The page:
Old fire grows to 570 acres north of Napa, evacuees return home

Fire crews made “significant progress” on the blaze overnight, according to Cal Fire.|

As of Wednesday morning, residents who were evacuated due to the Old fire, burning just north of Napa, have been allowed to return home, according to the Napa County Office of Emergency Services.

In a Nixle alert issued late Tuesday, the agency warned residents to “use extreme caution when returning” as the vegetation fire reported hours earlier continued to burn.

The blaze, which scorched 570 acres, was 15% contained as of early Wednesday, according to the most recent updates from Cal Fire, which along with fire crews from the Napa County Fire Department and the city of Napa Fire Department worked through the night to strengthen fire lines.

No injuries have been reported and a cause has not yet been determined.

Authorities initially ordered mandatory evacuations along a stretch of Old Soda Springs Road spanning to the end of the roadway.

And, due to the fire’s activity, a road closure at Soda Canyon Road and Silverado Trail was in effect until further notice, officials said.

The fire is burning in an area that was badly burned in the Atlas fire,** which started Oct. 8, 2017. It burned 51,264 acres of land, destroyed 120 structures and damaged 783 structures, according to Cal Fire. The blaze was also responsible for six fatalities, officials said.

Shortly after 7:30 p.m. Tuesday, Napa County announced it had opened an evacuation center at 2300 Old Soda Springs Road.

The evacuation center was set up at Crosswalk Community Church, 2590 First St. in Napa, according to the Napa County Office of Emergency Services, where evacuees in need of food, water, or charging stations were welcome. Authorities said an overnight shelter would be established if needed.

The Napa Community Animal Response Team was also activated. A livestock shelter was set up at the Valley Brook Equestrian Center, 1132 El Centro Ave., in Napa. Those in need were instructed to call ahead of arrival, 707-732-1555 or email: info@napacart.org.

Flames were spreading at a moderate rate and there appeared to be more room for the fire to grow, Cal Fire Division Chief Tom Knecht told The Press Democrat shortly after the blaze was reported.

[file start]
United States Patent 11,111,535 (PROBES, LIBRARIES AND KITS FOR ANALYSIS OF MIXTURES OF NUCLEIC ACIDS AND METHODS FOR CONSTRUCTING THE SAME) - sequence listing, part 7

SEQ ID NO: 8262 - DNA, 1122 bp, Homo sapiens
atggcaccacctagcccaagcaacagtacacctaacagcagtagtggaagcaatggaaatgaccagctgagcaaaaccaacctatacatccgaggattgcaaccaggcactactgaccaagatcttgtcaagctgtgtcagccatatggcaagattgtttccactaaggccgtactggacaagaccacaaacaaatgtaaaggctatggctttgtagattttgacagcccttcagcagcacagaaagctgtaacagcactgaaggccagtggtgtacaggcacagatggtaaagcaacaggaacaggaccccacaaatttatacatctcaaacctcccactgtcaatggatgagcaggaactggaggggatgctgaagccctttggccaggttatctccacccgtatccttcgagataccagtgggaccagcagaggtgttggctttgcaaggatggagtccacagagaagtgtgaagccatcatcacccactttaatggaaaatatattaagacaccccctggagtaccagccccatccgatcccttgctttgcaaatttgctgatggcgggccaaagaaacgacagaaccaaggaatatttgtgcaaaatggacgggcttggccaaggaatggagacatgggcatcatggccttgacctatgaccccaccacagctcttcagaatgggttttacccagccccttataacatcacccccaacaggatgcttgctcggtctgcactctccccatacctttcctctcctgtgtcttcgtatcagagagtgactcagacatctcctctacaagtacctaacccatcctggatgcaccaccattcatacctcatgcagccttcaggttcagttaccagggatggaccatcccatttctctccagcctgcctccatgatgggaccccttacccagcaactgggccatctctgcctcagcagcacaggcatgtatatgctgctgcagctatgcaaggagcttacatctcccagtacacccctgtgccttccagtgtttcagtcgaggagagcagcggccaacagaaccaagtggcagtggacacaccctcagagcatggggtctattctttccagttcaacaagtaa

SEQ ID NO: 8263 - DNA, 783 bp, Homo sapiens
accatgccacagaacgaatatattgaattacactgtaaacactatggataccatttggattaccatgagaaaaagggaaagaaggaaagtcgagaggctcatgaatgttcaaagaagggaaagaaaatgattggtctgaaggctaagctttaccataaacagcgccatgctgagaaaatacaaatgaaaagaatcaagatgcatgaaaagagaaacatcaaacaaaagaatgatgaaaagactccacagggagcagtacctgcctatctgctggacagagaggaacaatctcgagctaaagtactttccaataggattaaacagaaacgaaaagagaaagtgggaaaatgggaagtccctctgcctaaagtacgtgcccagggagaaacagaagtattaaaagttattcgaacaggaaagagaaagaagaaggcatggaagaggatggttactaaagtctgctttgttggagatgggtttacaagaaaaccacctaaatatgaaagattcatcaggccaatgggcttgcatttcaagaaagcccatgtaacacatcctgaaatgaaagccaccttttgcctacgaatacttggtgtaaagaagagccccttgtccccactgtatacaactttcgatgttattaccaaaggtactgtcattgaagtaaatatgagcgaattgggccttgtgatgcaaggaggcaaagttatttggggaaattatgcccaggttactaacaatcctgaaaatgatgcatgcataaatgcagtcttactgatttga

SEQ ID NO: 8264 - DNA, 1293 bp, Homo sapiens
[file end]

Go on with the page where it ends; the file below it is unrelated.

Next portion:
A Press Democrat reporter at the scene said flames appeared to be spreading fairly rapidly through an area where homes are scattered.

Officials confirmed that structures are threatened, as many as 50 according to some reports, but Knecht said he didn’t have specifics on the buildings that were in danger.

By about 7:30 p.m., the blaze appeared to be creeping up a steep ravine above Soda Canyon.

Fire crews had been building defensive lines in anticipation of it reaching the ridge and aircraft had been called in to fight the flames from above.

Mountain cameras showed a plume of white smoke that could be seen as far away as downtown Santa Rosa, rising above the scene.

Matt Mehle, a meteorologist with the National Weather Service, said satellite footage showed smoke moving south from Napa with potential to head east toward Vacaville. It was less likely the smoke would enter Sonoma County.

Gusty winds moved 10 to 15 mph during the early period of the fire, which was typical for late afternoon.

“Once the sun sets, the winds will diminish in that area,” Mehle said.

This fire follows one that broke out a week ago and scorched 5-acres in St. Helena on May 23. It burned in the area of Pope Street and Silverado Trail and was contained with no damage or evacuations.

**Correction: This article has been updated to correct the details of a prior wildfire that burned in the area where the Old fire is now burning.

You can reach Staff Writer Colin Atagi at colin.atagi@pressdemocrat.com. On Twitter @colin_atagi

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